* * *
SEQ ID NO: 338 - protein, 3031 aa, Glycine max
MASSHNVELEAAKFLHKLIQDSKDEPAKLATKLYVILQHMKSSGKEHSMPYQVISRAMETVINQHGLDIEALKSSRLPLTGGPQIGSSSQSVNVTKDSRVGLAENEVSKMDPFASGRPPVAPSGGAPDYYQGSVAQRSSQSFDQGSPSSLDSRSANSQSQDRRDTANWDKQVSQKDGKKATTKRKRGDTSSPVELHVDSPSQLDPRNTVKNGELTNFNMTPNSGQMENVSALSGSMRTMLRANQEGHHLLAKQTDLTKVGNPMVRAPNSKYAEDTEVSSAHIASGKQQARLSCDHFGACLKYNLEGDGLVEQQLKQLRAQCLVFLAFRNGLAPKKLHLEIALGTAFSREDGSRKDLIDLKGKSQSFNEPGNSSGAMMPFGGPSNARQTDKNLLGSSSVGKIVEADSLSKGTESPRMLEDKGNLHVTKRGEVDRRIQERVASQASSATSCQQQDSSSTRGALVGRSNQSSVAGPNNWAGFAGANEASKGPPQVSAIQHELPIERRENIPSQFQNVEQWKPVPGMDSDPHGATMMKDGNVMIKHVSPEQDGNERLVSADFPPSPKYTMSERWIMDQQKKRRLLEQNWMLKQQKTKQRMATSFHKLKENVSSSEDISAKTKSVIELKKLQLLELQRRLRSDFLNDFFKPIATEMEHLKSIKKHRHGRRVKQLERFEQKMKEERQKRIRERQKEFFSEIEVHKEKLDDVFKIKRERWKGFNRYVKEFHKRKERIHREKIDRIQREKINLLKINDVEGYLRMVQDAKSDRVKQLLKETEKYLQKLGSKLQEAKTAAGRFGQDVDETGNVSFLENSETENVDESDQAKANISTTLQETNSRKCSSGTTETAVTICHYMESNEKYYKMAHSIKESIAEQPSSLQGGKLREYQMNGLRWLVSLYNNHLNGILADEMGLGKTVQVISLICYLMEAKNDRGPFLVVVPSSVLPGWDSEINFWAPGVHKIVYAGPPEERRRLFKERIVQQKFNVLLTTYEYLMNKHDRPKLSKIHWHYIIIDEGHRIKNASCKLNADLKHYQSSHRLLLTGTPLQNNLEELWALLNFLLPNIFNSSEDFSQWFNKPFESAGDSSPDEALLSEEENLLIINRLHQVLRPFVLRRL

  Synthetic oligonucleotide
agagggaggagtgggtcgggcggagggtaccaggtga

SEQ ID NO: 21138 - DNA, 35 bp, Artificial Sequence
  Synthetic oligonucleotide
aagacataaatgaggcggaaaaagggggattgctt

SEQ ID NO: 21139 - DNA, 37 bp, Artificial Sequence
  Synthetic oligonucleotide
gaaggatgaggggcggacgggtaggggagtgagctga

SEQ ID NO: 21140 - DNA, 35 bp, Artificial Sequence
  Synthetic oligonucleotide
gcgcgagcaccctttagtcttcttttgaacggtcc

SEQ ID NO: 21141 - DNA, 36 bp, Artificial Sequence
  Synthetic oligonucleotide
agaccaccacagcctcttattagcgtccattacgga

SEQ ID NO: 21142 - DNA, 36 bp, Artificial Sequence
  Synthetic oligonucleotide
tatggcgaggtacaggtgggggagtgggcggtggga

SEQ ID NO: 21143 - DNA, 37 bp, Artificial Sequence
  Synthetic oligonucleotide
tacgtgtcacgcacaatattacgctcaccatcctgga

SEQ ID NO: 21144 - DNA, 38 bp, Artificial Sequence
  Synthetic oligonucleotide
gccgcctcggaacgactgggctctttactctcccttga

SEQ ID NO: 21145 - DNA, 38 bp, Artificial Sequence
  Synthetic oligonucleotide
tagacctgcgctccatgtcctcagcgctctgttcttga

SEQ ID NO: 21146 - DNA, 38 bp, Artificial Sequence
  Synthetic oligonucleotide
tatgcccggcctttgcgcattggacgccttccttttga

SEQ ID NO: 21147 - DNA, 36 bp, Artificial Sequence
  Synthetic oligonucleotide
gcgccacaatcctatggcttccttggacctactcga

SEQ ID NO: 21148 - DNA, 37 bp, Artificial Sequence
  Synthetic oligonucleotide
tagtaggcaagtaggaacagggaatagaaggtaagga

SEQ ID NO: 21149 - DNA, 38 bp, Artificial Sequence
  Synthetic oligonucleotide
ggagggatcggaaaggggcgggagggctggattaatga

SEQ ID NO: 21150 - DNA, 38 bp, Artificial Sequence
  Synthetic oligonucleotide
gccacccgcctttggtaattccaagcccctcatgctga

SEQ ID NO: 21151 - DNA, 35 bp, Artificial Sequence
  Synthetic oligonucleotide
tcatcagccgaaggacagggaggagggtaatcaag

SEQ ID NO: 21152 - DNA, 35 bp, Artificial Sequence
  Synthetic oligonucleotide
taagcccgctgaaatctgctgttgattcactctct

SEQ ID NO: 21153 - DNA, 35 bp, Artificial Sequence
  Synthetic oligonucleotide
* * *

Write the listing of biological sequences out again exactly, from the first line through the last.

SEQ ID NO: 338 - protein, 3031 aa, Glycine max
MASSHNVELEAAKFLHKLIQDSKDEPAKLATKLYVILQHMKSSGKEHSMPYQVISRAMETVINQHGLDIEALKSSRLPLTGGPQIGSSSQSVNVTKDSRVGLAENEVSKMDPFASGRPPVAPSGGAPDYYQGSVAQRSSQSFDQGSPSSLDSRSANSQSQDRRDTANWDKQVSQKDGKKATTKRKRGDTSSPVELHVDSPSQLDPRNTVKNGELTNFNMTPNSGQMENVSALSGSMRTMLRANQEGHHLLAKQTDLTKVGNPMVRAPNSKYAEDTEVSSAHIASGKQQARLSCDHFGACLKYNLEGDGLVEQQLKQLRAQCLVFLAFRNGLAPKKLHLEIALGTAFSREDGSRKDLIDLKGKSQSFNEPGNSSGAMMPFGGPSNARQTDKNLLGSSSVGKIVEADSLSKGTESPRMLEDKGNLHVTKRGEVDRRIQERVASQASSATSCQQQDSSSTRGALVGRSNQSSVAGPNNWAGFAGANEASKGPPQVSAIQHELPIERRENIPSQFQNVEQWKPVPGMDSDPHGATMMKDGNVMIKHVSPEQDGNERLVSADFPPSPKYTMSERWIMDQQKKRRLLEQNWMLKQQKTKQRMATSFHKLKENVSSSEDISAKTKSVIELKKLQLLELQRRLRSDFLNDFFKPIATEMEHLKSIKKHRHGRRVKQLERFEQKMKEERQKRIRERQKEFFSEIEVHKEKLDDVFKIKRERWKGFNRYVKEFHKRKERIHREKIDRIQREKINLLKINDVEGYLRMVQDAKSDRVKQLLKETEKYLQKLGSKLQEAKTAAGRFGQDVDETGNVSFLENSETENVDESDQAKANISTTLQETNSRKCSSGTTETAVTICHYMESNEKYYKMAHSIKESIAEQPSSLQGGKLREYQMNGLRWLVSLYNNHLNGILADEMGLGKTVQVISLICYLMEAKNDRGPFLVVVPSSVLPGWDSEINFWAPGVHKIVYAGPPEERRRLFKERIVQQKFNVLLTTYEYLMNKHDRPKLSKIHWHYIIIDEGHRIKNASCKLNADLKHYQSSHRLLLTGTPLQNNLEELWALLNFLLPNIFNSSEDFSQWFNKPFESAGDSSPDEALLSEEENLLIINRLHQVLRPFVLRRL

  Synthetic oligonucleotide
agagggaggagtgggtcgggcggagggtaccaggtga

SEQ ID NO: 21138 - DNA, 35 bp, Artificial Sequence
  Synthetic oligonucleotide
aagacataaatgaggcggaaaaagggggattgctt

SEQ ID NO: 21139 - DNA, 37 bp, Artificial Sequence
  Synthetic oligonucleotide
gaaggatgaggggcggacgggtaggggagtgagctga

SEQ ID NO: 21140 - DNA, 35 bp, Artificial Sequence
  Synthetic oligonucleotide
gcgcgagcaccctttagtcttcttttgaacggtcc

SEQ ID NO: 21141 - DNA, 36 bp, Artificial Sequence
  Synthetic oligonucleotide
agaccaccacagcctcttattagcgtccattacgga

SEQ ID NO: 21142 - DNA, 36 bp, Artificial Sequence
  Synthetic oligonucleotide
tatggcgaggtacaggtgggggagtgggcggtggga

SEQ ID NO: 21143 - DNA, 37 bp, Artificial Sequence
  Synthetic oligonucleotide
tacgtgtcacgcacaatattacgctcaccatcctgga

SEQ ID NO: 21144 - DNA, 38 bp, Artificial Sequence
  Synthetic oligonucleotide
gccgcctcggaacgactgggctctttactctcccttga

SEQ ID NO: 21145 - DNA, 38 bp, Artificial Sequence
  Synthetic oligonucleotide
tagacctgcgctccatgtcctcagcgctctgttcttga

SEQ ID NO: 21146 - DNA, 38 bp, Artificial Sequence
  Synthetic oligonucleotide
tatgcccggcctttgcgcattggacgccttccttttga

SEQ ID NO: 21147 - DNA, 36 bp, Artificial Sequence
  Synthetic oligonucleotide
gcgccacaatcctatggcttccttggacctactcga

SEQ ID NO: 21148 - DNA, 37 bp, Artificial Sequence
  Synthetic oligonucleotide
tagtaggcaagtaggaacagggaatagaaggtaagga

SEQ ID NO: 21149 - DNA, 38 bp, Artificial Sequence
  Synthetic oligonucleotide
ggagggatcggaaaggggcgggagggctggattaatga

SEQ ID NO: 21150 - DNA, 38 bp, Artificial Sequence
  Synthetic oligonucleotide
gccacccgcctttggtaattccaagcccctcatgctga

SEQ ID NO: 21151 - DNA, 35 bp, Artificial Sequence
  Synthetic oligonucleotide
tcatcagccgaaggacagggaggagggtaatcaag

SEQ ID NO: 21152 - DNA, 35 bp, Artificial Sequence
  Synthetic oligonucleotide
taagcccgctgaaatctgctgttgattcactctct

SEQ ID NO: 21153 - DNA, 35 bp, Artificial Sequence
  Synthetic oligonucleotide